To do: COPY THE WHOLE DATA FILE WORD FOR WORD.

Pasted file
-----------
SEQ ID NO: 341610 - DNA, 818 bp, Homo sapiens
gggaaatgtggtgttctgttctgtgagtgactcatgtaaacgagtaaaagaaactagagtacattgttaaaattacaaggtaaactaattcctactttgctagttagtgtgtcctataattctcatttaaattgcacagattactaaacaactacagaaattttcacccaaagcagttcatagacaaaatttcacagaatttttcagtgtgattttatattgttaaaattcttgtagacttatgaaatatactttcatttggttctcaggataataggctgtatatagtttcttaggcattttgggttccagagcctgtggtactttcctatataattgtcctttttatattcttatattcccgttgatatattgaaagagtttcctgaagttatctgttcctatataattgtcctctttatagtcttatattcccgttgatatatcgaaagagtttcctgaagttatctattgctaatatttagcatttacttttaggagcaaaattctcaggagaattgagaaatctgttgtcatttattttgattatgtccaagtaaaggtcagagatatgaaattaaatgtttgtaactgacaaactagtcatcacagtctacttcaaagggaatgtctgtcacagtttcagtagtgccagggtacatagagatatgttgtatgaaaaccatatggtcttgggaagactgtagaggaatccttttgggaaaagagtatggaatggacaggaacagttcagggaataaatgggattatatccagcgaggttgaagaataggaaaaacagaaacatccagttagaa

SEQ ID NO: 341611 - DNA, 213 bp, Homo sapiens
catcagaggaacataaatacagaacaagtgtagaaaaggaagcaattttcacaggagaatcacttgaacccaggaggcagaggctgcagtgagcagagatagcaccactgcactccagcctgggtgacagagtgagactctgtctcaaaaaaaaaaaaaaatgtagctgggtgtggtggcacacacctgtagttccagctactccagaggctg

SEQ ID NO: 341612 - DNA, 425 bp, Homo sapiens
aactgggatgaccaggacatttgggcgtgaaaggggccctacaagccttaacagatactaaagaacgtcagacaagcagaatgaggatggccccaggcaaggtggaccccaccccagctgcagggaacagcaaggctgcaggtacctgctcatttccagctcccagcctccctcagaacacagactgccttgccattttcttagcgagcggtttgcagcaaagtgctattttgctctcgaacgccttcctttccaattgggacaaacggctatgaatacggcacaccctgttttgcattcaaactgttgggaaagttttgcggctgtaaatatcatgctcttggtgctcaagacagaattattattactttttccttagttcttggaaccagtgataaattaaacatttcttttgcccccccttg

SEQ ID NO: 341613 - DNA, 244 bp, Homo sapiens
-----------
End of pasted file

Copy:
SEQ ID NO: 341610 - DNA, 818 bp, Homo sapiens
gggaaatgtggtgttctgttctgtgagtgactcatgtaaacgagtaaaagaaactagagtacattgttaaaattacaaggtaaactaattcctactttgctagttagtgtgtcctataattctcatttaaattgcacagattactaaacaactacagaaattttcacccaaagcagttcatagacaaaatttcacagaatttttcagtgtgattttatattgttaaaattcttgtagacttatgaaatatactttcatttggttctcaggataataggctgtatatagtttcttaggcattttgggttccagagcctgtggtactttcctatataattgtcctttttatattcttatattcccgttgatatattgaaagagtttcctgaagttatctgttcctatataattgtcctctttatagtcttatattcccgttgatatatcgaaagagtttcctgaagttatctattgctaatatttagcatttacttttaggagcaaaattctcaggagaattgagaaatctgttgtcatttattttgattatgtccaagtaaaggtcagagatatgaaattaaatgtttgtaactgacaaactagtcatcacagtctacttcaaagggaatgtctgtcacagtttcagtagtgccagggtacatagagatatgttgtatgaaaaccatatggtcttgggaagactgtagaggaatccttttgggaaaagagtatggaatggacaggaacagttcagggaataaatgggattatatccagcgaggttgaagaataggaaaaacagaaacatccagttagaa

SEQ ID NO: 341611 - DNA, 213 bp, Homo sapiens
catcagaggaacataaatacagaacaagtgtagaaaaggaagcaattttcacaggagaatcacttgaacccaggaggcagaggctgcagtgagcagagatagcaccactgcactccagcctgggtgacagagtgagactctgtctcaaaaaaaaaaaaaaatgtagctgggtgtggtggcacacacctgtagttccagctactccagaggctg

SEQ ID NO: 341612 - DNA, 425 bp, Homo sapiens
aactgggatgaccaggacatttgggcgtgaaaggggccctacaagccttaacagatactaaagaacgtcagacaagcagaatgaggatggccccaggcaaggtggaccccaccccagctgcagggaacagcaaggctgcaggtacctgctcatttccagctcccagcctccctcagaacacagactgccttgccattttcttagcgagcggtttgcagcaaagtgctattttgctctcgaacgccttcctttccaattgggacaaacggctatgaatacggcacaccctgttttgcattcaaactgttgggaaagttttgcggctgtaaatatcatgctcttggtgctcaagacagaattattattactttttccttagttcttggaaccagtgataaattaaacatttcttttgcccccccttg

SEQ ID NO: 341613 - DNA, 244 bp, Homo sapiens